Green Dragon, Arisaema dracontium, Watercolor, ©Heeyoung Kim
Jack-in-the-Pulpit, Arisaema triphyllum and Green Dragon, Arisaema dracontium are quite eye-catching Midwest native plants. From early spring their unique flowers give us very pleasant story. Actually their flowers are almost not seen. The petal-like shape which we usually misunderstand as a flower, is spathe. I just call it 'hood'. Inside the spathe, there is spadix which I call 'tongue'. Flowers bloom around the spadix, and they develop berries in late summer when the plants are big and healthy enough. This may sound strange, but this unique plants are indecisive about their gender until they figure out if they are big enough to be female and bear berries. When they are not big enough, they just die out without fruiting.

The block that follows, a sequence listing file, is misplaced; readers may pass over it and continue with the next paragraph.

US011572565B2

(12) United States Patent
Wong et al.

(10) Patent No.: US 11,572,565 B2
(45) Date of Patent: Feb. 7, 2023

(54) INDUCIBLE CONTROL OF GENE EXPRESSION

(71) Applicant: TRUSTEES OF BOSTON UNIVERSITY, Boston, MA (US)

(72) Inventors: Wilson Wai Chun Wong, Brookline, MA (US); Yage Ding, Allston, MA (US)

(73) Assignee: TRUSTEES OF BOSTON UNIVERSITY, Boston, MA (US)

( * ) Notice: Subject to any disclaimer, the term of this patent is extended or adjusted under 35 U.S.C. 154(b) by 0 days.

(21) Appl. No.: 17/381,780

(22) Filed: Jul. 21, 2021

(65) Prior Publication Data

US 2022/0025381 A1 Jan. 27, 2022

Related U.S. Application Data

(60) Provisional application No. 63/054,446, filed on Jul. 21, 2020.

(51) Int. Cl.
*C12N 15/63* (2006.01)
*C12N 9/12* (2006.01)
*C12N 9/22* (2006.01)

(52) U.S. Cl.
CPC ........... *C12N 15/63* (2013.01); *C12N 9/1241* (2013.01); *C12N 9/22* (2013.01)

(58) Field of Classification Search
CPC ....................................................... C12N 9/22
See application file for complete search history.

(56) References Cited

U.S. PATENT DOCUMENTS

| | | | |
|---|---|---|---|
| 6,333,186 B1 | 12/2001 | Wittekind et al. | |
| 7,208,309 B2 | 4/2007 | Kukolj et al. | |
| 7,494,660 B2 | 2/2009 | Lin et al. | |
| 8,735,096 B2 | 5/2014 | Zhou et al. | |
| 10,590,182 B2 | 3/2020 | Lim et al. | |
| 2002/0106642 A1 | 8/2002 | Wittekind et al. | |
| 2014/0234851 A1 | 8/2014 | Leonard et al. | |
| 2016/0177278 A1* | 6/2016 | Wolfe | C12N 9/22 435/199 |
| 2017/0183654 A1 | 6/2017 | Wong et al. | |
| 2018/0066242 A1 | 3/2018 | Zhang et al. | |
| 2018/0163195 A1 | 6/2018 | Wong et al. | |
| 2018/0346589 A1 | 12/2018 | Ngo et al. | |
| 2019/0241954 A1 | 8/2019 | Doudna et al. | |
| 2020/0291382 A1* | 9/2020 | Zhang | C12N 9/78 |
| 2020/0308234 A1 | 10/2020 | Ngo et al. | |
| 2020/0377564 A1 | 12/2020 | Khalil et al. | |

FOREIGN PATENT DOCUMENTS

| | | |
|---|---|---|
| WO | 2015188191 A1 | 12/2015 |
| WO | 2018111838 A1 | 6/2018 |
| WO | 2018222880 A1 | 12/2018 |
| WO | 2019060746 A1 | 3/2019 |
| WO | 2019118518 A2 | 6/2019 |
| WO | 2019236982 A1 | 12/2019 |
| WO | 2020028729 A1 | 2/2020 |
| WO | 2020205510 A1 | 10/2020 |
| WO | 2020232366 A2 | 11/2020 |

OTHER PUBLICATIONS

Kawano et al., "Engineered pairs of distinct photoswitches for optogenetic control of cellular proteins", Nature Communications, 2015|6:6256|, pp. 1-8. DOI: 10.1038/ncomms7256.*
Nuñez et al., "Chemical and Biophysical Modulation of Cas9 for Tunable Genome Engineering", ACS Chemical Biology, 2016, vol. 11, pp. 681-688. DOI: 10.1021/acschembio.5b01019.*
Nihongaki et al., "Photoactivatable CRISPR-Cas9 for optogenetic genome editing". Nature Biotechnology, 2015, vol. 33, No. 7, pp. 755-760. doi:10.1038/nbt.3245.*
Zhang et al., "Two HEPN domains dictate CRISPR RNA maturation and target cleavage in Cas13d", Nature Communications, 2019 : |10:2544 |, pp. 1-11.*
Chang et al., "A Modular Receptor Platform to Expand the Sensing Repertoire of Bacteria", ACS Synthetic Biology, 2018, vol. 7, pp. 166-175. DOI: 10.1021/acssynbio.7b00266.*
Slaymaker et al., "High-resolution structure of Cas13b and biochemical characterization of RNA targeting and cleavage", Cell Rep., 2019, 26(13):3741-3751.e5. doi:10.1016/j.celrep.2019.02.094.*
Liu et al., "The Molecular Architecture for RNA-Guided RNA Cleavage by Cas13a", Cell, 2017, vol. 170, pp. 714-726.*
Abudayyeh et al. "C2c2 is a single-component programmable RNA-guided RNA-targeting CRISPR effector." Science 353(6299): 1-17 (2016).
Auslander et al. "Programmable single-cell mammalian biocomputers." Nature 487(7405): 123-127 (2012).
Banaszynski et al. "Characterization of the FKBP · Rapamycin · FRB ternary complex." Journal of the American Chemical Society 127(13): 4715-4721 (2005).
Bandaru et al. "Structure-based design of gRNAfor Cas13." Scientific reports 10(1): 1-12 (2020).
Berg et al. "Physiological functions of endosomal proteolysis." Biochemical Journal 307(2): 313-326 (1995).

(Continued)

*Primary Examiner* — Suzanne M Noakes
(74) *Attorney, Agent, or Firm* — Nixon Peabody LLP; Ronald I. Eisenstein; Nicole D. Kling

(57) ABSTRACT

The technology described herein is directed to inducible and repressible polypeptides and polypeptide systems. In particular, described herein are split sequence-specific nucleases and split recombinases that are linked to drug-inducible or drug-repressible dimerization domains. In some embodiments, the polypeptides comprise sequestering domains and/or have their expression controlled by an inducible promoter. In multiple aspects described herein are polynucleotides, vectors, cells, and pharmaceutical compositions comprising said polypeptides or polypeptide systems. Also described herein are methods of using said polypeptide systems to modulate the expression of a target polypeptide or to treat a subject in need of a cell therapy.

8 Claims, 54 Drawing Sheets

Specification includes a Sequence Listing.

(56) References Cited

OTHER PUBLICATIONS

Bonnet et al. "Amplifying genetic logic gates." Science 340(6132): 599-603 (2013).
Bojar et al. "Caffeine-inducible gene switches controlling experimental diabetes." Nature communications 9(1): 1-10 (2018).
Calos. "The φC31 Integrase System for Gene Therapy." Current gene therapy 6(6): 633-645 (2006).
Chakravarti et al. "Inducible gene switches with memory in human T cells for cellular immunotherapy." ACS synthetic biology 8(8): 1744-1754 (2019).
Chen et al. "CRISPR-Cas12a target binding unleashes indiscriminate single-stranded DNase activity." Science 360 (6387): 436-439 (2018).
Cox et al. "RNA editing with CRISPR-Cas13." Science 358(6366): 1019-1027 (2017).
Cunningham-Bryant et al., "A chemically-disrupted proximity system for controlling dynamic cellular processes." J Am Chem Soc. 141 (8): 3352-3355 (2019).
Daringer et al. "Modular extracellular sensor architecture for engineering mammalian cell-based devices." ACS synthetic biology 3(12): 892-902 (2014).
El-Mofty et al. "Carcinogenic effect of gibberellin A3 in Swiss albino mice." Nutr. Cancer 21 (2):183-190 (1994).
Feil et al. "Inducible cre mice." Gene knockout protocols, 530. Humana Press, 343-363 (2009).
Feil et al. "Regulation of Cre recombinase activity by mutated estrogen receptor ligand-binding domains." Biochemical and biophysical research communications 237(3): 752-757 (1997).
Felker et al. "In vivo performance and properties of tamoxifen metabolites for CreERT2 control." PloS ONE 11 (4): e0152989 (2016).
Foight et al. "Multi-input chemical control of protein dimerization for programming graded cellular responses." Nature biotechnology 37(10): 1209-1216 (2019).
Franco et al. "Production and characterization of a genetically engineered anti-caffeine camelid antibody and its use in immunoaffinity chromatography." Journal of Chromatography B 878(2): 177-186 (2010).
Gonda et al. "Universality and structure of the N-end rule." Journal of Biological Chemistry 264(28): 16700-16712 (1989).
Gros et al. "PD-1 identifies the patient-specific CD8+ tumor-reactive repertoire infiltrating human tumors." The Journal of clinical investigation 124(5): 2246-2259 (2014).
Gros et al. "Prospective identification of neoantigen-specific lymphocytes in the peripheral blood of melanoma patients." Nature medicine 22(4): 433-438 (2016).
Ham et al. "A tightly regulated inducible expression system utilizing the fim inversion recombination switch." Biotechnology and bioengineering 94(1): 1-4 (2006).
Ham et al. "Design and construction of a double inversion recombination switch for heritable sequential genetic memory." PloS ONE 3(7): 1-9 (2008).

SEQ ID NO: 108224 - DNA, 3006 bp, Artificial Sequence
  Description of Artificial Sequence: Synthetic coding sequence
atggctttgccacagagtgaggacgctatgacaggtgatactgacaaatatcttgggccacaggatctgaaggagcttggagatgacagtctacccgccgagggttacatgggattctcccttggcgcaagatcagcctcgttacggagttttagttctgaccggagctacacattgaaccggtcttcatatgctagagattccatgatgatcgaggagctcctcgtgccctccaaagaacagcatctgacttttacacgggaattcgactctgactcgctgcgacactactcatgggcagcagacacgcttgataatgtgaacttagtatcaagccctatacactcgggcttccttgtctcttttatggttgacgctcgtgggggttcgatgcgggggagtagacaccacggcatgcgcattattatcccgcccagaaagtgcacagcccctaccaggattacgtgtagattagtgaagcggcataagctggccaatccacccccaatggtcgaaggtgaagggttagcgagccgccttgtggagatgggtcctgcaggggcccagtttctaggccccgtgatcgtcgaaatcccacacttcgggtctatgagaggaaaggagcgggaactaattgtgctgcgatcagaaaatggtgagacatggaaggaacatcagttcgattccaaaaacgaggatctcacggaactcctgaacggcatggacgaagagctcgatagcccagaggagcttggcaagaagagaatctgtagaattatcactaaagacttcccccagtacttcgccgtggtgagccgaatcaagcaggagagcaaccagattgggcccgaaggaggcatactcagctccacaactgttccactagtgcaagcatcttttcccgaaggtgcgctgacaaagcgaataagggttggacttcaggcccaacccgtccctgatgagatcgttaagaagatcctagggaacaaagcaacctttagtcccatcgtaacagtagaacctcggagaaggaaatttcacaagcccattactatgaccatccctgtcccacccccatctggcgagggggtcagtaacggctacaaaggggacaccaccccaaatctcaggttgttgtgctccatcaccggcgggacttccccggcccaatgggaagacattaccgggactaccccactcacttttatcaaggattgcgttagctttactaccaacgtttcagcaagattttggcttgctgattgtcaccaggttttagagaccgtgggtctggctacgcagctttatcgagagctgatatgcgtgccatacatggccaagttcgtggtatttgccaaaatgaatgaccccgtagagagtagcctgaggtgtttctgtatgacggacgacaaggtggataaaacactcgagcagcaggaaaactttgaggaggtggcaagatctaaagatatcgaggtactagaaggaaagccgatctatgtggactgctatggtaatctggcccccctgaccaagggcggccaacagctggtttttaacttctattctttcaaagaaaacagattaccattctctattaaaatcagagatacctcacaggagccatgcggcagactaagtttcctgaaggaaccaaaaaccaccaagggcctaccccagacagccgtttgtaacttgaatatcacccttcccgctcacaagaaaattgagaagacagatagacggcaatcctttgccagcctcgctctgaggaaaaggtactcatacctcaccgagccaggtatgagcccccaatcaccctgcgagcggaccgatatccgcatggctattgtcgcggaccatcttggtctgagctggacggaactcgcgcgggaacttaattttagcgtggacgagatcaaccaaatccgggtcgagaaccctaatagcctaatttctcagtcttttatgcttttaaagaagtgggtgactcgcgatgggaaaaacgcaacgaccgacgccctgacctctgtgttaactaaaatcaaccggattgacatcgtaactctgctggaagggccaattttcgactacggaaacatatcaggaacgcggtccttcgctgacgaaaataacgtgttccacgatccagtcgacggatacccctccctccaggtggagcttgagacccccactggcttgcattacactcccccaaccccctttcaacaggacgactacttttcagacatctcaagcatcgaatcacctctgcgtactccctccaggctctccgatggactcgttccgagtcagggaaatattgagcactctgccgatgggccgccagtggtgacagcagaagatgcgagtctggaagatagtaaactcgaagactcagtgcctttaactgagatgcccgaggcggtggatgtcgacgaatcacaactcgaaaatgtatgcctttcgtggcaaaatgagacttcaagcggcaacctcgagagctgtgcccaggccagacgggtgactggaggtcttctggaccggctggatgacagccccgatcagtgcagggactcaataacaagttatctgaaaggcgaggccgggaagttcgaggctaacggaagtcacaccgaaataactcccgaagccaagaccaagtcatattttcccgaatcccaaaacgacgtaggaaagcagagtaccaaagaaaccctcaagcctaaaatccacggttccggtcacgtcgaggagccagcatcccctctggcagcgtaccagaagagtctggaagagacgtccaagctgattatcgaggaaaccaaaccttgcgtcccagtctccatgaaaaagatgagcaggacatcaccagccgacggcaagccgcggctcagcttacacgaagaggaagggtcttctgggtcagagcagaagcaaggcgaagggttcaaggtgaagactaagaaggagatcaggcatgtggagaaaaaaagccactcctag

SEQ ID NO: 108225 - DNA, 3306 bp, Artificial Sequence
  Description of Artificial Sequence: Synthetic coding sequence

At this time we can spot red, or orangish green berries on the ground in woodlands. They give sparkling color to the muted colored or yellow dominated fall garden. Jack... and Green Dragon berries look alike. You cannot even tell which is which, when you don't see leaves and stems.
While I was working with this Green Dragon watercolor painting (well, this is part of the whole painting), I particularly tried to emphasize the berries. Every single berry has different shape and size, and all of them face different directions... They are just fascinatingly beautiful!